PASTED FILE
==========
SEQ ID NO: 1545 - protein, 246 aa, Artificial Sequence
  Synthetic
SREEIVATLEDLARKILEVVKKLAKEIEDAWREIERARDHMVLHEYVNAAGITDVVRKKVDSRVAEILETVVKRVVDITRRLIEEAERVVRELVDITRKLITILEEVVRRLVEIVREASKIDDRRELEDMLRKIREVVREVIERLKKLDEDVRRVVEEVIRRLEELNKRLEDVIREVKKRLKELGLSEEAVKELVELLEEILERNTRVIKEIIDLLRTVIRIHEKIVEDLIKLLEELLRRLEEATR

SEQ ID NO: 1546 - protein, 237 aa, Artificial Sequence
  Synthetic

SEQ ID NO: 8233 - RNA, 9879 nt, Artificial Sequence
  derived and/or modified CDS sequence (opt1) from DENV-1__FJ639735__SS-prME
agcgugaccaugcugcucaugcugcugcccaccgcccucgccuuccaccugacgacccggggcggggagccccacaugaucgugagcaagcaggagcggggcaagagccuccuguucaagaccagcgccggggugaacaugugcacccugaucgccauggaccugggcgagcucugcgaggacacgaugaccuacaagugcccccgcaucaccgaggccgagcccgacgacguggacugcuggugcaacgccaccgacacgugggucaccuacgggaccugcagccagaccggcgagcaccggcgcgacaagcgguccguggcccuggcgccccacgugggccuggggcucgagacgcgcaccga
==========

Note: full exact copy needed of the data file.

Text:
SEQ ID NO: 1545 - protein, 246 aa, Artificial Sequence
  Synthetic
SREEIVATLEDLARKILEVVKKLAKEIEDAWREIERARDHMVLHEYVNAAGITDVVRKKVDSRVAEILETVVKRVVDITRRLIEEAERVVRELVDITRKLITILEEVVRRLVEIVREASKIDDRRELEDMLRKIREVVREVIERLKKLDEDVRRVVEEVIRRLEELNKRLEDVIREVKKRLKELGLSEEAVKELVELLEEILERNTRVIKEIIDLLRTVIRIHEKIVEDLIKLLEELLRRLEEATR

SEQ ID NO: 1546 - protein, 237 aa, Artificial Sequence
  Synthetic

SEQ ID NO: 8233 - RNA, 9879 nt, Artificial Sequence
  derived and/or modified CDS sequence (opt1) from DENV-1__FJ639735__SS-prME
agcgugaccaugcugcucaugcugcugcccaccgcccucgccuuccaccugacgacccggggcggggagccccacaugaucgugagcaagcaggagcggggcaagagccuccuguucaagaccagcgccggggugaacaugugcacccugaucgccauggaccugggcgagcucugcgaggacacgaugaccuacaagugcccccgcaucaccgaggccgagcccgacgacguggacugcuggugcaacgccaccgacacgugggucaccuacgggaccugcagccagaccggcgagcaccggcgcgacaagcgguccguggcccuggcgccccacgugggccuggggcucgagacgcgcaccga